Wednesday, April 22, 2015

UAlbany launched Pulitzer drama winner Stephen Adly Guirgis

Paul Grondahl interviews Stephen Adly Guirgis in the Times Union:

Guirgis, 50, and his unlikely career trajectory could be viewed as a kind of patron saint for late bloomers, slackers and second chances.

"I wasn't a great student, but it took me more than six years because I kept changing my major," Guirgis said Tuesday by phone from his apartment on Manhattan's Upper West Side. "In my last two years, I became a theater major and things really started to click. At the time, Albany was known as a business school and we were kind of like a weird group, but we were always doing something, creating shows, and we stuck together."

More in the Times Union:

More about Guirgis's 2010 visit to the Writers Institute:

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Tuesday, April 21, 2015

UAlbany Grad Stephen Guirgis Wins Pulitzer

Stephen Adly Guirgis, who graduated from the University at Albany in 1990 with a major in Theatre, is the 2015 winner of the Pulitzer Prize in Drama for his new play "Between Riverside and Crazy."

The Pulitzer jury called the work, "a nuanced, beautifully written play about a retired police officer faced with eviction that uses dark comedy to confront questions of life and death."

Guirgis visited the New York State Writers Institute on April 12, 2010.

More about his visit here:

An interview with Guirgis posted on the Institute's YouTube page:

Guirgis studied theatre with NYS Writers Institute Fellow and UAlbany Professor W. Langdon Brown and with the late Jarka Burian of the Theatre Department who-- together with his wife Grayce Burian-- established and endowed the Institute's annual Burian Lecture on the art of the theatre.

More on the Burian Lecture here:

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Monday, April 20, 2015

Joan Murray in the Times Union

Poet Joan Murray discusses her friendship with poet Alicia Ostriker in the Times Union. The two poets will visit together on Thursday, April 23rd:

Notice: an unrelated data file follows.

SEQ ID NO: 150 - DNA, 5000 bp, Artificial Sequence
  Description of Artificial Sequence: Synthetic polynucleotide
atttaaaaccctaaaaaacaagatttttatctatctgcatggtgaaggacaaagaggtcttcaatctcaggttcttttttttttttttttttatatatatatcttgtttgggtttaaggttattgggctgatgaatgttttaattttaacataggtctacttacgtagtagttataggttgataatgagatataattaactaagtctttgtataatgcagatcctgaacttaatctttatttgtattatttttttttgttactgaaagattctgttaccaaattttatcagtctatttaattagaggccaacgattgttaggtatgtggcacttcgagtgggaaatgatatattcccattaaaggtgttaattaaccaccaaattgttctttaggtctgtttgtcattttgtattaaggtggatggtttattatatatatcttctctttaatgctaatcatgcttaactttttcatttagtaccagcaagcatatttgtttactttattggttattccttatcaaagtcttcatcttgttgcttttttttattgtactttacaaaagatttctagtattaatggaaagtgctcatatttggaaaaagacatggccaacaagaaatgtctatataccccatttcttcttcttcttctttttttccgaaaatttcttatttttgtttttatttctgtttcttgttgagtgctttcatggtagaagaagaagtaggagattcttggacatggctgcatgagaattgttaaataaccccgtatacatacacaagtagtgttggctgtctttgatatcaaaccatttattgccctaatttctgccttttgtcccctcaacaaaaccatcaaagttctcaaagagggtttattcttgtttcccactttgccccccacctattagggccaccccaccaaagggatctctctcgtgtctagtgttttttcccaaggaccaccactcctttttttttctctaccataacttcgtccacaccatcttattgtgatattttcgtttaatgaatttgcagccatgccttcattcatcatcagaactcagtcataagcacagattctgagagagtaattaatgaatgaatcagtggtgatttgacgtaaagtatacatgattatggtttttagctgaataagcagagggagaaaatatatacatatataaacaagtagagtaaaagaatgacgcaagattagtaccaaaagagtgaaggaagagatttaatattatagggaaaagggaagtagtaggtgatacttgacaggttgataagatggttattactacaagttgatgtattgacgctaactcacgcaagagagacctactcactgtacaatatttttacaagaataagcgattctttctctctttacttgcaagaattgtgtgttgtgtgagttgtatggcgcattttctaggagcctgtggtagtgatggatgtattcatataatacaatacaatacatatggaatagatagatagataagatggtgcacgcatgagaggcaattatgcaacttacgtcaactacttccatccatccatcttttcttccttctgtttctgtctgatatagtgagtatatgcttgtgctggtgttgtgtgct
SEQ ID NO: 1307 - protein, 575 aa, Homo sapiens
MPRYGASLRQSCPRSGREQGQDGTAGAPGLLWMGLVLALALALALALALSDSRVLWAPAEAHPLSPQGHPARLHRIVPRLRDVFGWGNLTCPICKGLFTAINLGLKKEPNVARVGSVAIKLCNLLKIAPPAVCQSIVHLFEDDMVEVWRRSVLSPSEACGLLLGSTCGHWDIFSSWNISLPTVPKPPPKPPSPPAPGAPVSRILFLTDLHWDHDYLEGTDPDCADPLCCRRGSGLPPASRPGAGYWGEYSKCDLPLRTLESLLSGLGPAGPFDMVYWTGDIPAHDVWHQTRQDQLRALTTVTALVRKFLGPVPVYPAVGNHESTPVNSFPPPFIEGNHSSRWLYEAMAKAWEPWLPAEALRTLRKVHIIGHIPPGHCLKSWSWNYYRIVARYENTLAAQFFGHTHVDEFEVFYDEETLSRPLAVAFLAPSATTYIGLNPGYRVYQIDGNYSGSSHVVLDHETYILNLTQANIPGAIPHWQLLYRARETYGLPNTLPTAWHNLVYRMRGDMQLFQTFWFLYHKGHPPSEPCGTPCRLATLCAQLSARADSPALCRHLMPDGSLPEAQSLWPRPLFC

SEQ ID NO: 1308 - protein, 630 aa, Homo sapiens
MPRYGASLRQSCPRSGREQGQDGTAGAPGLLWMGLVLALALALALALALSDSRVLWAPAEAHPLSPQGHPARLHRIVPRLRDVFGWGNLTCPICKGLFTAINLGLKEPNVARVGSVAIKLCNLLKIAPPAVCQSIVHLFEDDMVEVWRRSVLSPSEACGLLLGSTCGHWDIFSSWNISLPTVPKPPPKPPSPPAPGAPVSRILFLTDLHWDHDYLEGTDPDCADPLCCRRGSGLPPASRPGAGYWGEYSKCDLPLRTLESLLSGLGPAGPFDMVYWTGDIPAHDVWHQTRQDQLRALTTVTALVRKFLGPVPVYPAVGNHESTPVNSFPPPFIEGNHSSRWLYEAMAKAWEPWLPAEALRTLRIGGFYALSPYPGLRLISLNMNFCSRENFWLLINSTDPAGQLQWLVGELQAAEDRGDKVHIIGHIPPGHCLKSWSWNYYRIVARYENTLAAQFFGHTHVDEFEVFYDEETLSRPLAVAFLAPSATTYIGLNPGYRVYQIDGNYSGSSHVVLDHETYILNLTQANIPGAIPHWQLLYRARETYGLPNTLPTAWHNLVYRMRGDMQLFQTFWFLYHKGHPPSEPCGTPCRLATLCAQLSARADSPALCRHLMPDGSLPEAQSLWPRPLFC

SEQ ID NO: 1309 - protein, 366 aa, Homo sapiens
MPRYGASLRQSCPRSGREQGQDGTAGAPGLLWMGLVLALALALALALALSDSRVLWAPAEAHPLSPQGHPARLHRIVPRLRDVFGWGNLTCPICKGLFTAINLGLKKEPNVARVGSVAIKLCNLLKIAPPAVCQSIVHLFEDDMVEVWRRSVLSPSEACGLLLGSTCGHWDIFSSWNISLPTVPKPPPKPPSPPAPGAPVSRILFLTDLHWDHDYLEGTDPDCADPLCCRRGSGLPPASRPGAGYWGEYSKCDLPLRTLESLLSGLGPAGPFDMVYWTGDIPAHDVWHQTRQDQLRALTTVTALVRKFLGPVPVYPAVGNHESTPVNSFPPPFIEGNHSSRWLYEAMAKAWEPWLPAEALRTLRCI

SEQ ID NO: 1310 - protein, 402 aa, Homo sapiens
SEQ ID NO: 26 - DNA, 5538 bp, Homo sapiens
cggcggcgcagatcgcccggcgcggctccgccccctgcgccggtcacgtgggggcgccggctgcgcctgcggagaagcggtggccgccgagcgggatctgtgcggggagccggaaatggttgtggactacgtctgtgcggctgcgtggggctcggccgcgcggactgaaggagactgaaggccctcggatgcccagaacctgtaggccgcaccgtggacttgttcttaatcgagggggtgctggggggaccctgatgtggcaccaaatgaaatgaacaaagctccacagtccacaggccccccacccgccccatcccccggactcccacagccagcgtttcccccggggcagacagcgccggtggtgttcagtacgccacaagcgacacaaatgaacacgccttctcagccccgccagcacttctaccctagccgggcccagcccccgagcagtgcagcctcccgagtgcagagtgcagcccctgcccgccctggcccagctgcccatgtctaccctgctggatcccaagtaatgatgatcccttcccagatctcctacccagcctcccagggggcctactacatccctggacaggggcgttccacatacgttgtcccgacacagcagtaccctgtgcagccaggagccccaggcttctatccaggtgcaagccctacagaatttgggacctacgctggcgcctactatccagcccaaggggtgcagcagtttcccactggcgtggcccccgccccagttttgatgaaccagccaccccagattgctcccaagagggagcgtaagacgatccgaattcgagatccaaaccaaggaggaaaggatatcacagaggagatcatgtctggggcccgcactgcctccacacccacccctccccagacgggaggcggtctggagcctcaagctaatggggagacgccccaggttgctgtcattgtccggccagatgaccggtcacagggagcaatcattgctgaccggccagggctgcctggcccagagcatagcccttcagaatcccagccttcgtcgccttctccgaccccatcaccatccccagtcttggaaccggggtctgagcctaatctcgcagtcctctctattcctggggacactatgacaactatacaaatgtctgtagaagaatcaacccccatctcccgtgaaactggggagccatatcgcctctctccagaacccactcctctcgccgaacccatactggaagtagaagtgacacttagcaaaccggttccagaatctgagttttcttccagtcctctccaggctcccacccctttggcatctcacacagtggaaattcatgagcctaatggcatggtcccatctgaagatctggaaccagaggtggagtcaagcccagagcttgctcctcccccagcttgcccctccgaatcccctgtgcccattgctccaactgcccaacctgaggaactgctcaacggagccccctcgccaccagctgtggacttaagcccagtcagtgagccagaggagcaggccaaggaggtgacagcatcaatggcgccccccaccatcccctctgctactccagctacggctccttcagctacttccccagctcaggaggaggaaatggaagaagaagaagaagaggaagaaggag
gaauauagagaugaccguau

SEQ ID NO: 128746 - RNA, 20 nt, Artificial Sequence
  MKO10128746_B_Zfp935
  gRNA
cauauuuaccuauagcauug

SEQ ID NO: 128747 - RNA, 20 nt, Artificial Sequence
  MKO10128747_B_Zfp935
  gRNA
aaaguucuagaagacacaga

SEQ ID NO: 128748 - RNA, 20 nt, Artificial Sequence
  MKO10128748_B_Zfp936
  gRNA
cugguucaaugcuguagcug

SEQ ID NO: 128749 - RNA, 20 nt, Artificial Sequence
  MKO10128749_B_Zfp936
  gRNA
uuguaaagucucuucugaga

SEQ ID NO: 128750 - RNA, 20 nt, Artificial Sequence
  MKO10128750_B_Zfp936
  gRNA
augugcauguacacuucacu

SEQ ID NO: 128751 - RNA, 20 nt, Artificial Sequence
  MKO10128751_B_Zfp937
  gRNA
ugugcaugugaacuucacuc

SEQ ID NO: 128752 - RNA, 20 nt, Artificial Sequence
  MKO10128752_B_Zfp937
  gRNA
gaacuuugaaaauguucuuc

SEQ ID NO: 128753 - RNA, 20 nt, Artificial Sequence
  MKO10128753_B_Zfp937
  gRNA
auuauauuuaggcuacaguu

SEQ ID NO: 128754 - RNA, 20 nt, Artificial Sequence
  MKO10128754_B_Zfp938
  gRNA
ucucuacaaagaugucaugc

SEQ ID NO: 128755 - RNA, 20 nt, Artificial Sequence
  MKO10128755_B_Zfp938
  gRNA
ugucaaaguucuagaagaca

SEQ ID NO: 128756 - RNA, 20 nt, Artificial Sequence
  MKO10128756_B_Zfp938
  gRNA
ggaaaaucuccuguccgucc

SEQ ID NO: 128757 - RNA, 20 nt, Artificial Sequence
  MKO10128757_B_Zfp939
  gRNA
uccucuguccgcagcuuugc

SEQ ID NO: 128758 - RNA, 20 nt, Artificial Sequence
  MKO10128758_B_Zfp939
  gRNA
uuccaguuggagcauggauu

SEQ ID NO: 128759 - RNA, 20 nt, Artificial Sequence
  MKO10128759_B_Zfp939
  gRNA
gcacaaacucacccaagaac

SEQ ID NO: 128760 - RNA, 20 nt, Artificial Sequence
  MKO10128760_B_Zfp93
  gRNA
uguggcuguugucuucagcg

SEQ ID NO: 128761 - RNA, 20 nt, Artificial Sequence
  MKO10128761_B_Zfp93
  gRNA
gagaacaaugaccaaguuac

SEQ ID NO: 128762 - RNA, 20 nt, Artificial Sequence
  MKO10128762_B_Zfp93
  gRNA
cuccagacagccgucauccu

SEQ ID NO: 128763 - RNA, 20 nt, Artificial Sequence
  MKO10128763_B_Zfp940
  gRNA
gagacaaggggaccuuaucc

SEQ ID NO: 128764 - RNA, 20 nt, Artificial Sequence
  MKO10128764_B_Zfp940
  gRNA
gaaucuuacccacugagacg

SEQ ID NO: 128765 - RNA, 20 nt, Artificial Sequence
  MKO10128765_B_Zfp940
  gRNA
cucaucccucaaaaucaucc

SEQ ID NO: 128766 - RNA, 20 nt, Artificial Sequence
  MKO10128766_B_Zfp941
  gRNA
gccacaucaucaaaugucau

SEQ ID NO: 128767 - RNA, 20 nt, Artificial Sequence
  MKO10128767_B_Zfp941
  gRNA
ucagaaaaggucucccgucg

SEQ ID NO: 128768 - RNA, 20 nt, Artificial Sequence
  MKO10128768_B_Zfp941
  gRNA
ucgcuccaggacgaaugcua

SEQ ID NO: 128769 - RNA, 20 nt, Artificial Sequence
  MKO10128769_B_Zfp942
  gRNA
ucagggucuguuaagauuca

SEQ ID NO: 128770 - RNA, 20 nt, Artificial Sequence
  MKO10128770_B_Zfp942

"I've known Alicia since we were both young poets in the second wave feminist movement in the '70s. We were attracted to each other's work, because we were both young moms writing about motherhood and war. We've kept up a literary friendship since then, staying in touch and seeing each other now and then. Alicia is fun, but she's also famous and brilliant in a down-to-earth way."

"While our poems are different, we're both dramatic, and we can riff like the old masters when we want to. We both deal with serious social and political issues. We also write about God, though we're not believers. (Alicia has a whole book talking with him.) And we're both risk-takers: I have that book in the voice of the Niagara woman, and Alicia's new book is in the voices of an old woman, a tulip and a dog."

More in the Times Union interview with Elizabeth Floyd Mair:

More about the upcoming visit:

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Wednesday, April 1, 2015

Mary Norris, Queen of Proofreaders, in the New York Times

Mary Norris, who visits us on Thursday, April 9, is reviewed in the New York Times:  

Ms. Norris looks not only for errors that have slipped through the many layers of security, but also for subtle dissonances in sense and style — words that are slightly off, imprecise or muddy phrases, anachronistic colloquialisms, technically correct commas that might make a sentence sound better if omitted, or vice versa.
“It’s like those mechanics that only work on cars that go 200 miles an hour,” said David Remnick, The New Yorker’s editor. “They can see every little precise thing that can go wrong that might get you killed.”


More about her upcoming visit:

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